Latest Public Sector News

08.07.13

Michael Gove to unveil new curriculum for state schools

The new national curriculum for schools in England will be published today, including more advanced maths for five-year-olds, the teaching of evolution in primary schools, big changes in the history syllabus and a new focus on computer programming.

Teachers’ unions and academics have condemned many of the changes in previous versions of the revised curriculum and the “unrealistic” timescales for implementing it – it is meant to be done for autumn 2014.

The new framework sets out what children in England's state schools should be taught between the ages of five and 14.

It focused on the foundations for learning “the vital advances skills that universities and businesses desperately need”, education secretary Michael Gove said, including essay writing, problem-solving, mathematical modelling and computer programming.

Prime minister David Cameron promised a “revolution in education” to boost the economy.

Some have accused Gove of twisting the curriculum in line with his personal prejudices and opinions, including a bigger focus on chronology and ‘great lives’ in history. Many headteachers say politicians should not have such a big role in the precise details of what is taught.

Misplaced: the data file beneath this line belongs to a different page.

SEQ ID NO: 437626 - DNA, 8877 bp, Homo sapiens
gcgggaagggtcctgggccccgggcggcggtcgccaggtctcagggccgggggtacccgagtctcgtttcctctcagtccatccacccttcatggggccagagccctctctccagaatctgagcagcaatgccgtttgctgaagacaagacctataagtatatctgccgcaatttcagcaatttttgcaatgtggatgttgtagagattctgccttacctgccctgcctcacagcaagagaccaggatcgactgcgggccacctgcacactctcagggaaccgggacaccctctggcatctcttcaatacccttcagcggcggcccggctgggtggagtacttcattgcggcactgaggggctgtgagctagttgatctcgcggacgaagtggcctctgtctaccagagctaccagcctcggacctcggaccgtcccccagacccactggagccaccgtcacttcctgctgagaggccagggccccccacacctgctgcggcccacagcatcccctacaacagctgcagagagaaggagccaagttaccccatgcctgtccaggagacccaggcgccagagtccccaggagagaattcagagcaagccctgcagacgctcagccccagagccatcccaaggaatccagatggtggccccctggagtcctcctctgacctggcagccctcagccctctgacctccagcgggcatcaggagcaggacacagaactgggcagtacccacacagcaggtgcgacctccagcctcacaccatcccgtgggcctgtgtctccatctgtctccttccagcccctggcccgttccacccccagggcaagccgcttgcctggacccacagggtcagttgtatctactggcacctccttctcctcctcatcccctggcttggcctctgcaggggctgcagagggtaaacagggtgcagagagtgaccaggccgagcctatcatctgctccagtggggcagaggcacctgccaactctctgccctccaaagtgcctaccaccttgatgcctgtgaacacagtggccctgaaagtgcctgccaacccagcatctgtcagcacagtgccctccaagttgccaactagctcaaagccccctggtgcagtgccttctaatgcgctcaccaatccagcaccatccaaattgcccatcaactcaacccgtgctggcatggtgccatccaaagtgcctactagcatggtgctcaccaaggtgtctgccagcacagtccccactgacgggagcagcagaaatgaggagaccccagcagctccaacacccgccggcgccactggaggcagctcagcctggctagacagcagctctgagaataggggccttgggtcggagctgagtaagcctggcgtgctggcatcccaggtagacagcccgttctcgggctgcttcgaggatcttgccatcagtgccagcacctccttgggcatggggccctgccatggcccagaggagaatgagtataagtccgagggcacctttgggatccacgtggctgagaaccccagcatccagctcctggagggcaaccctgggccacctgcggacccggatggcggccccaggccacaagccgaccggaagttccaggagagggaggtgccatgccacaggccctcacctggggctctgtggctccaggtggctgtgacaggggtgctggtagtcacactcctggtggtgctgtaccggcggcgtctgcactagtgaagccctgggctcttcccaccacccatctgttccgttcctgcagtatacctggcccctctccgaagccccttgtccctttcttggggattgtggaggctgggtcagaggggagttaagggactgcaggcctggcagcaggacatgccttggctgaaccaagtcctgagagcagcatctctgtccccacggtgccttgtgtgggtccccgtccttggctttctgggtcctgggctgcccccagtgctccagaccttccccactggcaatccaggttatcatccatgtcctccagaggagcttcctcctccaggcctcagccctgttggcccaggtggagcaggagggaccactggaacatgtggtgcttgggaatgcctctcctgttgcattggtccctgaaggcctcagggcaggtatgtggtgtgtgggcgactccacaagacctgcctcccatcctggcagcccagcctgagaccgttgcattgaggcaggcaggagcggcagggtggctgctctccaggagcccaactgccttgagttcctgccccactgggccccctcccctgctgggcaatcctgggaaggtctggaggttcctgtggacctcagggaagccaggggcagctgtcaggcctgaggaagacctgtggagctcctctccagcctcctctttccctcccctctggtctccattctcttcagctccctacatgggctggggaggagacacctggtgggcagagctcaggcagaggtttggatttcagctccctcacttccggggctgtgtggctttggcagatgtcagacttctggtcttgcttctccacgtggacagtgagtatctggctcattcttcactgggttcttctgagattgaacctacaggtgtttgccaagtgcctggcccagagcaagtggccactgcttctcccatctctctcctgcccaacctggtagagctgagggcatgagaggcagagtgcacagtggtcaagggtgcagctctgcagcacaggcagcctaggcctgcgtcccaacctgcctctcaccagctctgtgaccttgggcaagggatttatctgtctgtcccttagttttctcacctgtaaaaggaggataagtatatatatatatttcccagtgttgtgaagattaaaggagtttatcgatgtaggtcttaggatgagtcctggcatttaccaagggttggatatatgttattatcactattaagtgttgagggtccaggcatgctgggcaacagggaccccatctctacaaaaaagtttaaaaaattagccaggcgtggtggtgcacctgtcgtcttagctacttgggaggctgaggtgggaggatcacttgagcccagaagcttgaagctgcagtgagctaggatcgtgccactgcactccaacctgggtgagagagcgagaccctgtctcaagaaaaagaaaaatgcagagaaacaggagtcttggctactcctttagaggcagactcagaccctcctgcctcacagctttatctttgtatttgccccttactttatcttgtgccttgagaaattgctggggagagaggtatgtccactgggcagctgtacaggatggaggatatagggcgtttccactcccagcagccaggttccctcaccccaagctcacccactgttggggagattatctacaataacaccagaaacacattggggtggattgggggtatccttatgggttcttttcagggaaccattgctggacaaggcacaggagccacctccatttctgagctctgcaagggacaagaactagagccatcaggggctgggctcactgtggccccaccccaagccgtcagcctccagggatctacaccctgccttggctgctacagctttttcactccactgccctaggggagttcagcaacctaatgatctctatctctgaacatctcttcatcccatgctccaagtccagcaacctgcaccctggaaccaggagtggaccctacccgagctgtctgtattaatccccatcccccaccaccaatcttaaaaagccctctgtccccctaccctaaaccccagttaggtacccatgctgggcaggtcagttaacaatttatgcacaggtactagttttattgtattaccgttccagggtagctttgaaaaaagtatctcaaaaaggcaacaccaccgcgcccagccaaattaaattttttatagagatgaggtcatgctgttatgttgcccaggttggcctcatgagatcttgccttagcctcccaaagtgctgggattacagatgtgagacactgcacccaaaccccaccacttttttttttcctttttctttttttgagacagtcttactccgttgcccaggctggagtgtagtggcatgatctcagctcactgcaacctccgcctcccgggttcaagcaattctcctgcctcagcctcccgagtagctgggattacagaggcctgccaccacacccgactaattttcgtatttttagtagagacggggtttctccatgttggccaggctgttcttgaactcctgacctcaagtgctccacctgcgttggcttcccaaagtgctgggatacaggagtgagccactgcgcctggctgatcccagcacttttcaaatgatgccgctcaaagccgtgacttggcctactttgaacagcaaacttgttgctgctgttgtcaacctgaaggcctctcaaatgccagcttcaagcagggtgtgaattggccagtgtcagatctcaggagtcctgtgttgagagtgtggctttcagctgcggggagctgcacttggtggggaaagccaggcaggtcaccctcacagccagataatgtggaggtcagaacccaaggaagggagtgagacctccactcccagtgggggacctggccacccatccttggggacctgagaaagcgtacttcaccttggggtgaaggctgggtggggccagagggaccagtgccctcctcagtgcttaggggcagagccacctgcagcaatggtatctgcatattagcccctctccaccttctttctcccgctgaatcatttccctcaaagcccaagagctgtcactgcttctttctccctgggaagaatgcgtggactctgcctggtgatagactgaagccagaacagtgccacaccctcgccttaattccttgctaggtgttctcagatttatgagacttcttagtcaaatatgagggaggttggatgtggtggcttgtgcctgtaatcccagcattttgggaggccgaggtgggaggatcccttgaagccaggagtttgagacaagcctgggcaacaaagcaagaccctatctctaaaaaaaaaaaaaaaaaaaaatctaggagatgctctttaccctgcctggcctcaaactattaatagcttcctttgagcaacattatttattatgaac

Stephen Twigg, shadow education secretary, reiterated this criticism, saying: “Unlike previous versions of the national curriculum, which were drafted with a heavy involvement of teachers and school leaders, these proposals have been driven and closely directed by politicians without that professional input.”

Most secondary schools are now academies, however, which are not required to follow the state school curriculum.

Maths teaching is being made more rigorous in the new curriculum, and there is more emphasis on design, technology and innovation, including a focus on robotics and 3D printing, the BBC reported.

Conservative peer Baroness Pauline Perry, a former chief inspector of schools in England, told the Today programme that teachers would be “excited” by the freedom and creativity the new curriculum will allow, from local history projects to more science experiments.

Mary Bousted, leader of the ATL teachers' union, told the same programme: “[Michael Gove] shows a fundamental lack of understanding of how much planning is needed to bring in a totally new curriculum and new exams for children in all age groups at the same time.”

She added: “It will be a memory test and that is not what children and young people need for the 21st century when their lives and their work will require skills of knowledge acquisition, understanding and being able to implement the knowledge.”

(Library image: Crown Copyright)

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